Good morning Minions. The Evil Mastermind asked me to speak to you today on a subject that is close to his heart –
Now I know the P-word can strike fear into the hearts of the bravest of you, but it is a subject that must be addressed. We are all writers. Writing is how we produce prose, and prose is how we earn our daily gruel.
But what happens when our Muse refuses to co-operate? What happens when that gender-neutral beast sits in its cage, sulking and refusing to come out?
We get no gruel, that’s what.
I can see by your faces that most of you know what it’s like to own a stubborn Muse, the kind that forces you to stare at a blank screen for hours on end, or goes on strike mid-way through a piece, leaving you to face a deadline on your own.
It is well documented that such Muses can play havoc with a writer’s life. But what, if anything, can we do about it?
I’ve met many Muse wranglers who will tell you to march into that cage, wrestle your Muse to the ground, and drag it kicking and screaming to the keyboard. They further advise that you should do this, day after day, until your Muse finally gives in.
I will not lie, this method does work, but it is often as hard on the wrangler as it is on the Muse. And it can lead to unexpected outcomes, such as stilted, limping prose. And none of us want that now do we?
My technique, developed over the last thirteen years, is based on the old carrot-and-stick approach. Whilst I do chain my Muse to the keyboard every day, once it is there, I put away the whip, and instead pamper it with music.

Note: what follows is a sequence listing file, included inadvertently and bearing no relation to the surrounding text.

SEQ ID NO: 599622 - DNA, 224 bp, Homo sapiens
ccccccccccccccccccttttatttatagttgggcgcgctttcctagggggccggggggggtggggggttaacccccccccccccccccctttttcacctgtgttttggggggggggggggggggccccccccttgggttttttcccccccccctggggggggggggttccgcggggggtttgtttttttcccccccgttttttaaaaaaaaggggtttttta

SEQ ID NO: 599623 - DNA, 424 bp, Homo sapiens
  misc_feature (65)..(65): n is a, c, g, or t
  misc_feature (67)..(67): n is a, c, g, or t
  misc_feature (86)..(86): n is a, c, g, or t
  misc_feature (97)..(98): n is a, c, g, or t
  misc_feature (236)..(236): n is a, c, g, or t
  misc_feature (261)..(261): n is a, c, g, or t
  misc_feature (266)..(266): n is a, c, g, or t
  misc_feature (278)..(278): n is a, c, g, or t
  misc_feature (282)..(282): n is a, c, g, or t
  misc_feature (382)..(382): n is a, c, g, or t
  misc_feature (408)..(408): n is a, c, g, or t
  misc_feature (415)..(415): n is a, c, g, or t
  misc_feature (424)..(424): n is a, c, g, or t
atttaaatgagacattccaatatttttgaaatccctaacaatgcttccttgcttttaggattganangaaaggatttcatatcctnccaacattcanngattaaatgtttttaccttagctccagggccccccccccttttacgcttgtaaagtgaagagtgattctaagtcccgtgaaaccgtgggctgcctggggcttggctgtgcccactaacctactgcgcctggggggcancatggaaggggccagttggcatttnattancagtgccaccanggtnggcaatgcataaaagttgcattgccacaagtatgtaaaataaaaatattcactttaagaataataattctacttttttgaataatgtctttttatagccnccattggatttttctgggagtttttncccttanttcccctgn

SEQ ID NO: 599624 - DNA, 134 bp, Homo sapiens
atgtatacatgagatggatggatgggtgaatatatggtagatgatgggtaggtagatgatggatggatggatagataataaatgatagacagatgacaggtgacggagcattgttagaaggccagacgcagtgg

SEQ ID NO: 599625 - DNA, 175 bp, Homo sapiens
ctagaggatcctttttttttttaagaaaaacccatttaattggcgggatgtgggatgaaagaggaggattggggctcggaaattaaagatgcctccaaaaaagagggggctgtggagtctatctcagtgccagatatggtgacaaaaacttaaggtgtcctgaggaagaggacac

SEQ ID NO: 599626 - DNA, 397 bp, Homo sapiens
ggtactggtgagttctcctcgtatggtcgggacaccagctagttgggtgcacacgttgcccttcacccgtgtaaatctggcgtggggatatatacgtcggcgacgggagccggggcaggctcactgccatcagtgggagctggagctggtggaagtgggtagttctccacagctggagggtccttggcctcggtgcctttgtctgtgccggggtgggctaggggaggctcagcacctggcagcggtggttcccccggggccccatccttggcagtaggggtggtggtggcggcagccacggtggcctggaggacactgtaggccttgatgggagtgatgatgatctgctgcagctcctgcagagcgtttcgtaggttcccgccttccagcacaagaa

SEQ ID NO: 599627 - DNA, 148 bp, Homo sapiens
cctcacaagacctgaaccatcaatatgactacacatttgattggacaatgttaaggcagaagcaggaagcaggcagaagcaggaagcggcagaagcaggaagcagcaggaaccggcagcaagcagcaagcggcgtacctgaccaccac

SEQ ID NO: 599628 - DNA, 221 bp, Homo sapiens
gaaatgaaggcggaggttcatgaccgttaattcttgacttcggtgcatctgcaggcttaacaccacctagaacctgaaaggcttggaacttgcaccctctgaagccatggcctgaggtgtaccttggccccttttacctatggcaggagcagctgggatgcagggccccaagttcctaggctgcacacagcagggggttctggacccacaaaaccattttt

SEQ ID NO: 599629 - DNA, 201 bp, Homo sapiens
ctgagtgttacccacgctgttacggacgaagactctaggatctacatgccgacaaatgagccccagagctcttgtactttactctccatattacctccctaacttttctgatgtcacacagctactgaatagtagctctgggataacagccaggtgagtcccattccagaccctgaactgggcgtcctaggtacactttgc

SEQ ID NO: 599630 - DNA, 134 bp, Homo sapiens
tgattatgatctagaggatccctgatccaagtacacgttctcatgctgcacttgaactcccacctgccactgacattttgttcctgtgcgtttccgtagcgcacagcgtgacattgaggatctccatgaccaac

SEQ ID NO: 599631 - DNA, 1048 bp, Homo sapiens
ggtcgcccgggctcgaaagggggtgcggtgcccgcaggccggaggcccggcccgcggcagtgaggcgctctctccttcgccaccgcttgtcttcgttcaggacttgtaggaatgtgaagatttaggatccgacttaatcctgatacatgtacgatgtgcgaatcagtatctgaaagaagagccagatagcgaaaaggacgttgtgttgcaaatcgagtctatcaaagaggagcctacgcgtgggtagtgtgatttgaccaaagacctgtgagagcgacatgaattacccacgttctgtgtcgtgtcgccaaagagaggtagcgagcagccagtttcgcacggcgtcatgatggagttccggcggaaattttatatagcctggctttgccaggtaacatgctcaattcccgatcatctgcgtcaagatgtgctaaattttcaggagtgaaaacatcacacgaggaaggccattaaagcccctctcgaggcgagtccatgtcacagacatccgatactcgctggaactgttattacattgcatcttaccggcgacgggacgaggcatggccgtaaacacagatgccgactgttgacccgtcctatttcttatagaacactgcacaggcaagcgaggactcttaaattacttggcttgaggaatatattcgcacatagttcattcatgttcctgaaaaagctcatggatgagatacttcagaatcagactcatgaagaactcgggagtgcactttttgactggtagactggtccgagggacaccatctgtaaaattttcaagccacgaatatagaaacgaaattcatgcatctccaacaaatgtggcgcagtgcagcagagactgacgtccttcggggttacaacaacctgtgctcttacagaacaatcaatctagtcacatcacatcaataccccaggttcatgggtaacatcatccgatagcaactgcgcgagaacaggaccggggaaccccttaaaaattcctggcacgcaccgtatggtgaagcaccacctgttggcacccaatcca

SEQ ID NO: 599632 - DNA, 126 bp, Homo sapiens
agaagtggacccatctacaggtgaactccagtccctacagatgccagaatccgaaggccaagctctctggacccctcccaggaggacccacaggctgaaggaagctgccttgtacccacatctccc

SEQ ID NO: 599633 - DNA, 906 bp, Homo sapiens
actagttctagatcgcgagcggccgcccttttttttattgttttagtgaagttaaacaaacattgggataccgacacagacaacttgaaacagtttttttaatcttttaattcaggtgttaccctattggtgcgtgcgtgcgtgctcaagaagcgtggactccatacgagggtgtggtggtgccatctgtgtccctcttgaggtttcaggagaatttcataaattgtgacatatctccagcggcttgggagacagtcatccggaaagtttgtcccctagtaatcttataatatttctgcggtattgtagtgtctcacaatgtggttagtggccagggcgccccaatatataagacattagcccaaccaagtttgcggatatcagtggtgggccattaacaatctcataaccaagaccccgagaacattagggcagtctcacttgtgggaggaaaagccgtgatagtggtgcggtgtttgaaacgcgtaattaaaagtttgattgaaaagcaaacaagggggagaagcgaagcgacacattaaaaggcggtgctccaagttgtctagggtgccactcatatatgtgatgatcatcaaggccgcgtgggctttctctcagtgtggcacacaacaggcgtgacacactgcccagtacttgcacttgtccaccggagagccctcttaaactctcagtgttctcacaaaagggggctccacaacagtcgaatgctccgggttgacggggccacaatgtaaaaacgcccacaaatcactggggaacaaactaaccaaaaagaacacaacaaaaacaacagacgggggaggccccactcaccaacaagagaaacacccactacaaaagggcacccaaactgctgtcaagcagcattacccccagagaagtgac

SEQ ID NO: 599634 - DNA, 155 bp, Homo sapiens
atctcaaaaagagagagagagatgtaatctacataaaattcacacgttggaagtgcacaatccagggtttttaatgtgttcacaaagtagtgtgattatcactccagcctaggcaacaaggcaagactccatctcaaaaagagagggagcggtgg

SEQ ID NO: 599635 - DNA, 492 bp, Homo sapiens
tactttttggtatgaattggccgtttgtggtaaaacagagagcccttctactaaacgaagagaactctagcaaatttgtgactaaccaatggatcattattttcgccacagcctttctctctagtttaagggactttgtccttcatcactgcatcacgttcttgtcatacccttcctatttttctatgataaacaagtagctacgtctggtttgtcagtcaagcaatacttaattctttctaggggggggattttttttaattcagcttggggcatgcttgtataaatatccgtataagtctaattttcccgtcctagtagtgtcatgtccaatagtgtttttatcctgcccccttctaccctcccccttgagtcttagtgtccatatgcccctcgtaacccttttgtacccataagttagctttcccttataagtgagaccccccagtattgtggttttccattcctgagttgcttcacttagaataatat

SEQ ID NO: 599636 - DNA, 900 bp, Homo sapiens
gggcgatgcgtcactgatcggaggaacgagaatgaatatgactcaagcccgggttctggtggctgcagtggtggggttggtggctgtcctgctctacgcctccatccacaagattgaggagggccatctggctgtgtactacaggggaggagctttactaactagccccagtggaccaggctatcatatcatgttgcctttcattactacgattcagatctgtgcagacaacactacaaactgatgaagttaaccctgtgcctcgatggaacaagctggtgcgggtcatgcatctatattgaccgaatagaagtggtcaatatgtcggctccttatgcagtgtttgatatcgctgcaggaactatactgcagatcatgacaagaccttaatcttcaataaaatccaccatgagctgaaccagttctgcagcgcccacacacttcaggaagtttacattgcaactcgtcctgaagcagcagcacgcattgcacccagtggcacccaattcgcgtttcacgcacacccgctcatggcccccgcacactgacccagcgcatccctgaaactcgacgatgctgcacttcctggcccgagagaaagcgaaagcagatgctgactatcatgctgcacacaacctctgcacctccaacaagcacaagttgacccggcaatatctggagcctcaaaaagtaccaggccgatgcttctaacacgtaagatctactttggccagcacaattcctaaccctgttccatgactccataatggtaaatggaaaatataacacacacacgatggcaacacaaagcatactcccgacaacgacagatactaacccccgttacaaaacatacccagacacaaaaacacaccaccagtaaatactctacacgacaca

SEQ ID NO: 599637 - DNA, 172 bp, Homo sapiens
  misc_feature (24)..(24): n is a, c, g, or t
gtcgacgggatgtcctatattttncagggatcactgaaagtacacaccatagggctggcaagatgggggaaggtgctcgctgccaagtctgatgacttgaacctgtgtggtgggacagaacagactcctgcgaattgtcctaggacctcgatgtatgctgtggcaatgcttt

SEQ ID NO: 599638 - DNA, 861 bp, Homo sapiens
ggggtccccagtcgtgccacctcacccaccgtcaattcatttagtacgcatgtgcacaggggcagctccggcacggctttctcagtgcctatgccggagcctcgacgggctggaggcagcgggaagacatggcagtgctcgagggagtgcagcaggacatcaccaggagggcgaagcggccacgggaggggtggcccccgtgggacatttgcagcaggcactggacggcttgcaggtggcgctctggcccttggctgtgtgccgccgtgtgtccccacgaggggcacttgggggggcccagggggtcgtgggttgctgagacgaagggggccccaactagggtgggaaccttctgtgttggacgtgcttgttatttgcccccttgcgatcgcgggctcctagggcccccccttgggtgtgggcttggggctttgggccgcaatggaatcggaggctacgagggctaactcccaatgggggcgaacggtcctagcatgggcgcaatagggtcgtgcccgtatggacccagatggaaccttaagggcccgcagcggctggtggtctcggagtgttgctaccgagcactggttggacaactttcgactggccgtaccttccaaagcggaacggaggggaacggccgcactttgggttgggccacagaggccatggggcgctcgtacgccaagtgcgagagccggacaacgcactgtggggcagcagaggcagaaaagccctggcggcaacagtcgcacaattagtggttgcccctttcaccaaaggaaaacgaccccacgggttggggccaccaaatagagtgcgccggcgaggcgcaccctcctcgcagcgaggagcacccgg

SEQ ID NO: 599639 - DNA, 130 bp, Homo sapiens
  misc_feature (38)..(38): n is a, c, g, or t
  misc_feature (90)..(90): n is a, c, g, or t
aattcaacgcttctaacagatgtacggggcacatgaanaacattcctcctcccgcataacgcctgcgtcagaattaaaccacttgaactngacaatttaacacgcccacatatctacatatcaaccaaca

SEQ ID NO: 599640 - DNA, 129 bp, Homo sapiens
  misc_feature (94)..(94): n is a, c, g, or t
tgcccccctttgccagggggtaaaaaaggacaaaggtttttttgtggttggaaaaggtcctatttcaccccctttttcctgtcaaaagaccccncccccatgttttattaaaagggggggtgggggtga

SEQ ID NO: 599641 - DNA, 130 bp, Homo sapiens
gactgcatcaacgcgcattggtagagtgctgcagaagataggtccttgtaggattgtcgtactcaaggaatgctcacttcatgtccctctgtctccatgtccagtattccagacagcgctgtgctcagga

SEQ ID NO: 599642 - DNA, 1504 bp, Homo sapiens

Yes, music. I can see your looks of disbelief, but surely you have heard the old saying ‘music hath charms to soothe the savage breast’?
Well, believe you me, there is nothing more savage than a surly Muse! However the right music can help tame it, especially if it’s one of those flighty ones that delights in fantastical worlds and lyrical prose. For them, music seems to induce a trance-like state particularly effective for those tricky first drafts.
“But what kind of music?” you ask.
The choice of music is where science gives way to art, and may require some trial and error. I personally have tried opera, classical music, and the soundtracks to games and movies. All have blissed my Muse out at one time or another, but the one common thread to all my music choices was the lack of lyrics, well lyrics I could understand [I don’t speak Italian].
For some reason, my particular Muse finds lyrics distracting, and will ‘sing along’ instead of churning out words of its own. Yours may be different, which is why choosing the right music is so critical.
I should, however, warn you against letting your Muse become bored. If you notice it staring out the window, or taking too many coffee breaks, it may be time to change the music. A small investment in time and effort now could save you hours of distress later.
In Muse Wrangling 201 I will discuss what to do when music is not enough to keep your Muse happy, and it escapes the cage entirely.
Until then, I’d like you to try three different types of music on your Muse. Explain why each did, or did not work in 140 characters or less.